Wednesday, April 8, 2009
THE DECLARATION OF INDEPENDENCE HAS BEEN REPEALED
By Dick Morris
On April 2, 2009, the work of July 4, 1776 was nullified at the meeting of the G-20 in London. The joint communiqué essentially announces a global economic union with uniform regulations and bylaws for all nations, including the United States. Henceforth, our SEC, Commodities Trading Commission, Federal Reserve Board and other regulators will have to march to the beat of drums pounded by the Financial Stability Board (FSB), a body of central bankers from each of the G-20 states and the European Union.
The mandate conferred on the FSB is remarkable for its scope and open-endedness. It is to set a “framework of internationally agreed high standards that a global financial system requires.” These standards are to include the extension of “regulation and oversight to all systemically important financial institutions, instruments, and markets…[including] systemically important hedge funds.”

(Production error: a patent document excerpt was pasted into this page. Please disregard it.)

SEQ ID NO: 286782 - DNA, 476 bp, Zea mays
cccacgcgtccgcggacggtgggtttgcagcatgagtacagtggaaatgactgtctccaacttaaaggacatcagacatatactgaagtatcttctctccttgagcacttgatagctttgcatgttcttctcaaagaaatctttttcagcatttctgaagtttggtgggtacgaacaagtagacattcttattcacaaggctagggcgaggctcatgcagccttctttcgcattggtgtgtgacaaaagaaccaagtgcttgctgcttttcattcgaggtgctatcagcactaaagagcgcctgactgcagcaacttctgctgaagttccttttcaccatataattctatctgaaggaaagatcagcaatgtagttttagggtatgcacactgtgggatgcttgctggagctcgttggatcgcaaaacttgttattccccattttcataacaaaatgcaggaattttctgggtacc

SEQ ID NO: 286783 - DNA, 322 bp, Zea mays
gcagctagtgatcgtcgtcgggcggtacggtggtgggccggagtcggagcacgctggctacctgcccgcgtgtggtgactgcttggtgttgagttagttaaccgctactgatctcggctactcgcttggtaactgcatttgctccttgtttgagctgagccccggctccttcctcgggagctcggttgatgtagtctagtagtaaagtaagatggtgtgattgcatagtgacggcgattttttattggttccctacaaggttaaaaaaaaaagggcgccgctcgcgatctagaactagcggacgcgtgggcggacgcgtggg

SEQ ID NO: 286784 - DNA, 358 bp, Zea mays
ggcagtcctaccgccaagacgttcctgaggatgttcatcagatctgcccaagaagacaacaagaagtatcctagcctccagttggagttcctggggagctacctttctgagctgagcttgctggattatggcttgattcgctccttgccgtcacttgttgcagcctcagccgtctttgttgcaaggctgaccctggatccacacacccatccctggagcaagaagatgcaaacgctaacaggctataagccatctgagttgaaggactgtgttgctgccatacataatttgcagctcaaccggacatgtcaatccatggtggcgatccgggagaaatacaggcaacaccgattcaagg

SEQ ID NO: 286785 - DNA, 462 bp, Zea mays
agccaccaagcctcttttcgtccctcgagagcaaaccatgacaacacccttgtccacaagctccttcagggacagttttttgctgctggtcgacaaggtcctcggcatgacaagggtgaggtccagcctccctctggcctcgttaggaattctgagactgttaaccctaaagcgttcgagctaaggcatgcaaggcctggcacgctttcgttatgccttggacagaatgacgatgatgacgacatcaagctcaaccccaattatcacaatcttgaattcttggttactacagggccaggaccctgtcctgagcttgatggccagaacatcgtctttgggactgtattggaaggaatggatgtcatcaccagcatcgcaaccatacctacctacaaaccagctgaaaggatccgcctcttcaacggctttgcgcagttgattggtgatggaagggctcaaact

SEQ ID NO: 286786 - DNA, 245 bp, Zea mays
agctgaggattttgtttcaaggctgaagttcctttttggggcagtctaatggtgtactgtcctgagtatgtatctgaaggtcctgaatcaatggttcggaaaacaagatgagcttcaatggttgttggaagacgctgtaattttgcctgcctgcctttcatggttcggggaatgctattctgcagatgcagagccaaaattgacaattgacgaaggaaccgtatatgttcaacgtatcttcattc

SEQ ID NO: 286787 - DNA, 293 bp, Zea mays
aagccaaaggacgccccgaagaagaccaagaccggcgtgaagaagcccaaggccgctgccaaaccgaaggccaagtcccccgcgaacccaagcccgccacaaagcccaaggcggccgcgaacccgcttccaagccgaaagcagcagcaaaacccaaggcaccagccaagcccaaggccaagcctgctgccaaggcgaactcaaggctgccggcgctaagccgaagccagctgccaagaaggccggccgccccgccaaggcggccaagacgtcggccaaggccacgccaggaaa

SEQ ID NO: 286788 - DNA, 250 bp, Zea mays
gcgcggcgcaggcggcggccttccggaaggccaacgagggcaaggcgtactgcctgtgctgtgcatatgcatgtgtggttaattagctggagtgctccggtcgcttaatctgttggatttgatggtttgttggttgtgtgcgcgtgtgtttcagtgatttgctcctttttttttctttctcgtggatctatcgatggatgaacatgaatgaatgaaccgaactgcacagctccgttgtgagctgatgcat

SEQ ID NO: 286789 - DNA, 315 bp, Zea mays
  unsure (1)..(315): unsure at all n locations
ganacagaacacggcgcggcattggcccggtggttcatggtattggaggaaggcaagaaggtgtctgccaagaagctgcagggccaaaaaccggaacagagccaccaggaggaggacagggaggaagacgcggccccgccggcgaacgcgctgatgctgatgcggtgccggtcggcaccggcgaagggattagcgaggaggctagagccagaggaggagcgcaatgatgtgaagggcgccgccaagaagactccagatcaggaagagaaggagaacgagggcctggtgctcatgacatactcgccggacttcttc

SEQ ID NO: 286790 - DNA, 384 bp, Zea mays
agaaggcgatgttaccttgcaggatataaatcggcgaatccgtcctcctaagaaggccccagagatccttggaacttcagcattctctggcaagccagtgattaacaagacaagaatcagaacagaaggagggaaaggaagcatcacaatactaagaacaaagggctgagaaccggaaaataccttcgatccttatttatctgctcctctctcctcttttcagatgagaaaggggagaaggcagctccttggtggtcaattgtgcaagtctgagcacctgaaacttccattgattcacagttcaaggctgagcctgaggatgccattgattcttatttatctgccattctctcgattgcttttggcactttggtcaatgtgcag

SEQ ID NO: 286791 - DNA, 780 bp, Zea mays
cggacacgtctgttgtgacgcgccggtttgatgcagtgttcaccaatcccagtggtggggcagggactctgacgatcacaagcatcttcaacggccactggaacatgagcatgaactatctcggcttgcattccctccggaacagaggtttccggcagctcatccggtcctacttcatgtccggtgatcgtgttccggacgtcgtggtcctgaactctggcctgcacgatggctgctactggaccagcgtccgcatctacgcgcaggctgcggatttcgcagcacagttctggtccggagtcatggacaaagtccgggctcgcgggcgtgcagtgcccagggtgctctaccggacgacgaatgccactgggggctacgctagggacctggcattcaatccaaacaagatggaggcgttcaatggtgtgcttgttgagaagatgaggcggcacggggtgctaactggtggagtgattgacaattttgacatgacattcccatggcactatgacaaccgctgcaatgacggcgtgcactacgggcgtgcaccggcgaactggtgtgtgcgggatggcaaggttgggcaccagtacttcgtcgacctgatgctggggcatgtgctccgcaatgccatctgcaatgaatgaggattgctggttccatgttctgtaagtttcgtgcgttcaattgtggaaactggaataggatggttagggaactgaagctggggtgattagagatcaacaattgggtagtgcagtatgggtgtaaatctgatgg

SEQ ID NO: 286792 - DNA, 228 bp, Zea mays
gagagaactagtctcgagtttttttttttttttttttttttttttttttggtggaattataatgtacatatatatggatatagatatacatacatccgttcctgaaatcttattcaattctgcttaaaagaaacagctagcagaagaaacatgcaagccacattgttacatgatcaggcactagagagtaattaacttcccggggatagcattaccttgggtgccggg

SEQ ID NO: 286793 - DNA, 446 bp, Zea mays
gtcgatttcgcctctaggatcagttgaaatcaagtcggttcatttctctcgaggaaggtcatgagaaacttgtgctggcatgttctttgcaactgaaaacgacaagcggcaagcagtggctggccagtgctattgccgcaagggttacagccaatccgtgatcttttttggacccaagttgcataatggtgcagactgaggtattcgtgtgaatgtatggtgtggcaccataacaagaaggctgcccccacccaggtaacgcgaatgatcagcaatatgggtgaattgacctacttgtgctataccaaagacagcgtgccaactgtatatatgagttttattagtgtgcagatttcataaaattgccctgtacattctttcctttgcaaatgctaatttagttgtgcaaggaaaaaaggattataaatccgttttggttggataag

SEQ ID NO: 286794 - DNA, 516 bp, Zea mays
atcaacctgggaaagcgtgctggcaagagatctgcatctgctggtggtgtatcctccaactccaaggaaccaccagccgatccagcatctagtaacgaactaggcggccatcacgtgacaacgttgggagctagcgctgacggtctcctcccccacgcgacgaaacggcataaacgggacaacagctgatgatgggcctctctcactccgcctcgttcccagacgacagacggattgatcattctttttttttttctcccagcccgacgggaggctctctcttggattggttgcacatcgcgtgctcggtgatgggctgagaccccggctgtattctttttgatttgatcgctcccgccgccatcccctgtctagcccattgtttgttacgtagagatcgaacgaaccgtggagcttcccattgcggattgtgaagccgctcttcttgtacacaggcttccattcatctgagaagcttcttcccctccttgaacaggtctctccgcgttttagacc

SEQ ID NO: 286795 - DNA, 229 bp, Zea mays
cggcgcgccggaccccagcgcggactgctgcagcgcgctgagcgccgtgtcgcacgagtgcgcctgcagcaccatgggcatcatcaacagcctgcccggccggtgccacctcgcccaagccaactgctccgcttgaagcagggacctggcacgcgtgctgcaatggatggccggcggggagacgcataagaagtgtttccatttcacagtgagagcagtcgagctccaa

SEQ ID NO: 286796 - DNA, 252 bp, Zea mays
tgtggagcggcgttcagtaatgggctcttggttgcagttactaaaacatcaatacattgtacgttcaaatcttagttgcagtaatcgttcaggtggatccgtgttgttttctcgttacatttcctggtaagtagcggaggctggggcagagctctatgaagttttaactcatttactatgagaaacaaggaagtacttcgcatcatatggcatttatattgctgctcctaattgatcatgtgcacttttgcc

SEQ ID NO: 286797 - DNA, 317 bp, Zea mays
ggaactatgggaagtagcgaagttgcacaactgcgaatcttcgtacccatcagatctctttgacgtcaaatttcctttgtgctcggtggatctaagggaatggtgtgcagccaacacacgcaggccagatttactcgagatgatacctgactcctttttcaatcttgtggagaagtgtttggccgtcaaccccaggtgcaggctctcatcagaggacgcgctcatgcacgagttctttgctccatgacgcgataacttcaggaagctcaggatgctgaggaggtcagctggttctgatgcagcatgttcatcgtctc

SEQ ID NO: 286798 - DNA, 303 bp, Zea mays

Note the key word: “all.” If the FSB, in its international wisdom, considers an institution or company “systemically important”, it may regulate and over see it. This provision extends and internationalizes the proposals of the Obama Administration to regulate all firms, in whatever sector of the economy that it deems to be “too big to fail.”
The FSB is also charged with “implementing…tough new principles on pay and compensation and to support sustainable compensation schemes and the corporate social responsibility of all firms.”
That means that the FSB will regulate how much executives are to be paid and will enforce its idea of corporate social responsibility at “all firms.”
The head of the Financial Stability Forum, the precursor to the new FSB, is Mario Draghi, Italy’s central bank president. In a speech on February 21, 2009, he gave us clues to his thinking. He noted that “the progress we have made in revising the global regulatory framework…would have been unthinkable just months ago.”